If you have genital warts, know that you are not alone. Genital warts (condylomata acuminate) are very common. According to the Journal of Clinical and Aesthetic Dermatology, there are up to one million new cases of genital warts diagnosed each year in the United States, and many cases are not diagnosed.
Most cases of genital warts are caused by the human papillomavirus (HPV). There are more than 120 strains of HPV, but types 6 and 11 are the strains that cause genital warts. Those strains of HPV don't usually cause cervical cancer, but they do lead to genital warts.
It may be necessary for you to visit your doctor for treatment for genital warts. You may also want to treat your genital warts at home. Read on to learn about seven home remedies that may help treat genital warts.
1. Tea tree oil
Along with other health benefits, essential oils have been studied for use as antifungal agents. Tea tree oil is an essential oil that has been found to be useful against fungus and other organisms, including head lice. The Mayo Clinic lists tea tree oil as a remedy that might be useful against genital warts. You can apply a drop of diluted tea tree oil (mix one drop of the oil with a drop or two of a carrier oil, such as coconut oil) and apply directly to the wart.
Some people may be allergic to tea tree oil, so test a small amount of the diluted tea tree oil on your arm first. If there is no reaction after 24 hours, it should be safe to use.
Tea tree oil can be irritating and cause some burning or inflammation which is how it reduces the size of the wart. Do not take tea tree oil internally by mouth or through the vagina. You will need to apply the oil repeatedly for several weeks. Discontinue use if it is too irritating.
You can also purchase green tea extract over the counter and use at home by adding a drop or two to coconut oil and applying to the warts.
There is some evidence that applying garlic extract to warts can help clear them up. You can purchase garlic extract and apply directly to the warts. You could also soak some gauze pads in a mixture of garlic and oil. Then apply and let sit on the warts.
Apple cider vinegar
Apple cider vinegar may treat genital warts at home. It’s similar to prescription medications that use acidic ingredients to kill off the virus.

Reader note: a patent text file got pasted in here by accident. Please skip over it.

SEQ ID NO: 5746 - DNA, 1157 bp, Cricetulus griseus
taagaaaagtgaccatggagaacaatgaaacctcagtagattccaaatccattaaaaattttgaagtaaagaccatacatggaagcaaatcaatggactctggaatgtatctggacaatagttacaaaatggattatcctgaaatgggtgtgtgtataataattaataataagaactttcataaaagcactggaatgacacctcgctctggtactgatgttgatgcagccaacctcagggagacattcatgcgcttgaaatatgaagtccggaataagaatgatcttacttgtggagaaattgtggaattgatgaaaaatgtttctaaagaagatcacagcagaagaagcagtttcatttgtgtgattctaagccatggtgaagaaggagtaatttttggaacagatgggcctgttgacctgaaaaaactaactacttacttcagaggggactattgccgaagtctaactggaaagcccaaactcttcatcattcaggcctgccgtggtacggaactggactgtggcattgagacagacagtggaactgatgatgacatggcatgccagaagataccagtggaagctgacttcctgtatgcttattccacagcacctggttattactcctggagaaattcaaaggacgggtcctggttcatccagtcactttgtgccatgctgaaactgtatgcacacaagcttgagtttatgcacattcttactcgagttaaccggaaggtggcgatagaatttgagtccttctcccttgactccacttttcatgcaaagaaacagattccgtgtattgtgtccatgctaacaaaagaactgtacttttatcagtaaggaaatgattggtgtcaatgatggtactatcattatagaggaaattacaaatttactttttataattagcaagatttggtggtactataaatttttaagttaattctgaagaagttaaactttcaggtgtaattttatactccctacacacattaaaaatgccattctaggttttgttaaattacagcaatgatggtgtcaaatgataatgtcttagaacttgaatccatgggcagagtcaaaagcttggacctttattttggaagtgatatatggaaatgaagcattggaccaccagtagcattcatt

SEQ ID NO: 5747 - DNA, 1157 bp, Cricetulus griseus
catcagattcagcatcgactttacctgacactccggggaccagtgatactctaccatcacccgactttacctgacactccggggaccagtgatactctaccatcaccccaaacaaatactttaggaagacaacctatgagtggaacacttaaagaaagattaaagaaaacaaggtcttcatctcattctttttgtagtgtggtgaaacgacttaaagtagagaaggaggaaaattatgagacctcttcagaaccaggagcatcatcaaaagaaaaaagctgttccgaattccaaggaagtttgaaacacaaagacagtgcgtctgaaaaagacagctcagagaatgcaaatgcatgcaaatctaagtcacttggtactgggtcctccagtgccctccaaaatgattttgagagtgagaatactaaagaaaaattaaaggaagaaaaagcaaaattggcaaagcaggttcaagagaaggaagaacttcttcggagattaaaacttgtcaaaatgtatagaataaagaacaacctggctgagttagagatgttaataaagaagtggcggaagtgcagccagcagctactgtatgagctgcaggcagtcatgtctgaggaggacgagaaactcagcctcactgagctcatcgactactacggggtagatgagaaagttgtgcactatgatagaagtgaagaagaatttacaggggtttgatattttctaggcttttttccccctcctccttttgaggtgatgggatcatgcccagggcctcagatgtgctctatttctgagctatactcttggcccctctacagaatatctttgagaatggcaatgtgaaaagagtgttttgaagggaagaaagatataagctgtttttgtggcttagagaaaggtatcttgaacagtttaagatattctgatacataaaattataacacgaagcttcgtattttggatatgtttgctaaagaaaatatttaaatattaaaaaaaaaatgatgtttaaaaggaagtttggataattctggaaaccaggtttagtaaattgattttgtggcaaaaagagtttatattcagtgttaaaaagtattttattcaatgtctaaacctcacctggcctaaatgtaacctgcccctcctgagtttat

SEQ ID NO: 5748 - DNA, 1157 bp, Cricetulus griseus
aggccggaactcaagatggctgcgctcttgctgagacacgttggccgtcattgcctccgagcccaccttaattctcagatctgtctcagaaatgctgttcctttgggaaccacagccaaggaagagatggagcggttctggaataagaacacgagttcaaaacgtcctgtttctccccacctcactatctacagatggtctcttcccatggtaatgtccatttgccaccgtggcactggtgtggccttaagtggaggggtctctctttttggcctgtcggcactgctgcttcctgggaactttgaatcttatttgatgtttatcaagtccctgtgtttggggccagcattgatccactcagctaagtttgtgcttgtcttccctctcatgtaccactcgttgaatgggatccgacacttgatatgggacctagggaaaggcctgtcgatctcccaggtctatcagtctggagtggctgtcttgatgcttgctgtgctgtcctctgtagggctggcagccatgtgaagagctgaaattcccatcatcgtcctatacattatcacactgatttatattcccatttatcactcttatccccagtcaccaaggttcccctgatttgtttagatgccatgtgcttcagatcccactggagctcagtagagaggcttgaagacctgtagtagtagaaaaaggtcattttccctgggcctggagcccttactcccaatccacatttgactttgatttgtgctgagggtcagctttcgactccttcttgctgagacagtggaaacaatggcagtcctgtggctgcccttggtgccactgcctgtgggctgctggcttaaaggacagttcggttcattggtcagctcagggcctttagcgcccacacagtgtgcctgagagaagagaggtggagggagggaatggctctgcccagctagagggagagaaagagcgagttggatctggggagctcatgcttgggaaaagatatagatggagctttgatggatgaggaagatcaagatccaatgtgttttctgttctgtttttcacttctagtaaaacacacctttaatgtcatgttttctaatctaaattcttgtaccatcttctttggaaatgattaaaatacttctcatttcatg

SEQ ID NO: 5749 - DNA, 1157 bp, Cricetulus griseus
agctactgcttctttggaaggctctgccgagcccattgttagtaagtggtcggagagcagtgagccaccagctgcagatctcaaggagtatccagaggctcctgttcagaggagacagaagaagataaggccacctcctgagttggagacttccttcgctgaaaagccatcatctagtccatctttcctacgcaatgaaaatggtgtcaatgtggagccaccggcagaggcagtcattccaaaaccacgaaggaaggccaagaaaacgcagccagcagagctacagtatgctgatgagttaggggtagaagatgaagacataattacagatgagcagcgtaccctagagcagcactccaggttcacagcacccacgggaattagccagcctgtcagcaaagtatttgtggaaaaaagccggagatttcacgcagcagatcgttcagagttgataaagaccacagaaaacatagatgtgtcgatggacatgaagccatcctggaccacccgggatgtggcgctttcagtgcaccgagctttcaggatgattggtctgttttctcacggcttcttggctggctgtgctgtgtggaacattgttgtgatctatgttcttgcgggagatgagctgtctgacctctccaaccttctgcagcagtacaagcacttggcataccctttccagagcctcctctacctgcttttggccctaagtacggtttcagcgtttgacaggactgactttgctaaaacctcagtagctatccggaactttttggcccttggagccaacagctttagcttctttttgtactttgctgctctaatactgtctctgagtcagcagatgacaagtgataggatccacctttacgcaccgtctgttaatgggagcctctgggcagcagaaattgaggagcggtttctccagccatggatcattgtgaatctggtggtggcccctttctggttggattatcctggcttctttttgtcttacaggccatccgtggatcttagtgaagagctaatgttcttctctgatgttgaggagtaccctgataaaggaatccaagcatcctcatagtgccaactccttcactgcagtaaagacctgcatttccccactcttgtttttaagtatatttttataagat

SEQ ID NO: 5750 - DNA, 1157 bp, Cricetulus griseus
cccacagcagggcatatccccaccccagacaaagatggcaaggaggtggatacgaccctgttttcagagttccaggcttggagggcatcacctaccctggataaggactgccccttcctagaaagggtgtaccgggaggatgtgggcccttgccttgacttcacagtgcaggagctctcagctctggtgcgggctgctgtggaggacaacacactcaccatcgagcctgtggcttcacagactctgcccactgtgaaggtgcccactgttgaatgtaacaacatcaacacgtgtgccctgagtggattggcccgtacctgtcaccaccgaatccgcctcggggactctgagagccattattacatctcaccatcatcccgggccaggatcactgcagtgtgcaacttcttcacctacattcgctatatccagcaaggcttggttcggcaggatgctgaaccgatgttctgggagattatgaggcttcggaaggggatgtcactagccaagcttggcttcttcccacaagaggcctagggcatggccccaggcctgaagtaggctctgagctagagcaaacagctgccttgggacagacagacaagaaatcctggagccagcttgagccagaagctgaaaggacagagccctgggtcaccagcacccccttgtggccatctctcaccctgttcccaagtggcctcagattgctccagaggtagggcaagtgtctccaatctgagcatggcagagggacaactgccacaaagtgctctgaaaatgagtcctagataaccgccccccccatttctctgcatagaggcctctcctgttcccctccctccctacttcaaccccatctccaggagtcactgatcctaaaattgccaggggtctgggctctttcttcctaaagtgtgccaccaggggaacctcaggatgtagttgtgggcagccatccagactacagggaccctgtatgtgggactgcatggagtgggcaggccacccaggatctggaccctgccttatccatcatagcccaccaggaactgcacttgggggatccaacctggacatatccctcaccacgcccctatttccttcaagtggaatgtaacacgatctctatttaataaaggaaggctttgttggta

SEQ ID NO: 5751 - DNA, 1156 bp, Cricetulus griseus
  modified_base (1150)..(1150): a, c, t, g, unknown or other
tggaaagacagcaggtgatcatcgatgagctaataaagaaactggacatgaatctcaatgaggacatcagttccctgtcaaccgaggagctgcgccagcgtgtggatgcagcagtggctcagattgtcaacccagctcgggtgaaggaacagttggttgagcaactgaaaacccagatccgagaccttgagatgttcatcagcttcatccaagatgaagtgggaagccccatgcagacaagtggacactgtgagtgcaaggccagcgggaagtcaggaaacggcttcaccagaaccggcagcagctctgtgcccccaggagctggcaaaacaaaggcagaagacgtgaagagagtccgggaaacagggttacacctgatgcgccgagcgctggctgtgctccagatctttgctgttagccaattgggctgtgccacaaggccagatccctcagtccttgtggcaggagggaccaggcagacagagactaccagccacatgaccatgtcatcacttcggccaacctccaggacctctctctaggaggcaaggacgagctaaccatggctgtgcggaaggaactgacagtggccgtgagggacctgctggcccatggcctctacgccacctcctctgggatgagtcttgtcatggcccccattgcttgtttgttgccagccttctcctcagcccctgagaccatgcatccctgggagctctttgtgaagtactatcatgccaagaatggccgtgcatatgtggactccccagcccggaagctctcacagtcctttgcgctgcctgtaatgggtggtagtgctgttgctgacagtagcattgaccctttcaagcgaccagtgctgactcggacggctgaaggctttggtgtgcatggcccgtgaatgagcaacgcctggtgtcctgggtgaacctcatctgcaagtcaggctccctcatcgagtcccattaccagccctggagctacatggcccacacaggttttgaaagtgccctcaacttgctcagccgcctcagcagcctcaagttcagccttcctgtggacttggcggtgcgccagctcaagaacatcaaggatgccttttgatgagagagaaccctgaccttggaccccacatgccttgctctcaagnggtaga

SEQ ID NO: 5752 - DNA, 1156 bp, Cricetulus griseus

You can soak a Q-tip, cotton ball, or gauze in apple cider vinegar and apply it to the warts.
Vegetables are good for you in a number of ways. Try eating crunchy vegetables like:
- Brussels sprouts
These vegetables contain Indole-3-carbinol (I3C), which can help clear up genital warts. It’s recommend you eat 4-5 servings of veggies every day.
Folate and B-12
There is an association between folate and B12 deficiency and an increased risk of contracting HPV. Taking a multivitamin or folate and B-12 supplements might help your body fight off an HPV infection and clear up warts.
Dietary and lifestyle support
Having genital warts puts a strain on your body. It can be difficult for your body to deal with any other health problems along with the warts. To help your body heal faster, you should cut out any immune stressors like smoking or a diet that is heavy in processed or unhealthy foods.
Foods to incorporate into your diet include:
- antioxidant rich foods (blueberries, cherries, tomatoes, bell peppers, squash)
- dark leafy greens like spinach and kale
- whole grains
- lean meats
These foods can help boost your immune system and help minimize the recurrence of HPV.
Foods to avoid include:
- any possible food allergens (dairy, soy, corn, food additives)
- refined foods like white bread and pasta
- red meat
- processed foods with trans fats
- caffeine and other stimulants
Risks and warnings
It's important to remember that getting rid of an external genital wart doesn’t mean that you no longer have an infection. Although rare, HPV can cause both genital warts and cervical cancer. You may have more than one type of HPV. It's important see a doctor for your warts even if you treat them at home.
The virus that can cause genital warts can stay dormant in your body for a long time. So if you treat your warts and get rid of them, they may come back.
How are genital warts traditionally treated?
According to the Journal of Clinical and Aesthetic Dermatology, there is no one standard treatment for genital warts that doctors agree on. Different doctors might use different treatments for genital warts depending on the type of warts or how long you've had warts. Treatments range from medication to "freezing" the warts to cutting them off or removing them with lasers.
The bottom line
You can help treat genital warts at home. But you should still see a doctor to check for and treat any sexually transmitted infections (STIs) that may be causing the warts. If an STI is causing your warts, you may need additional medication to treat the condition and prevent passing the infection on to any sexual partners.
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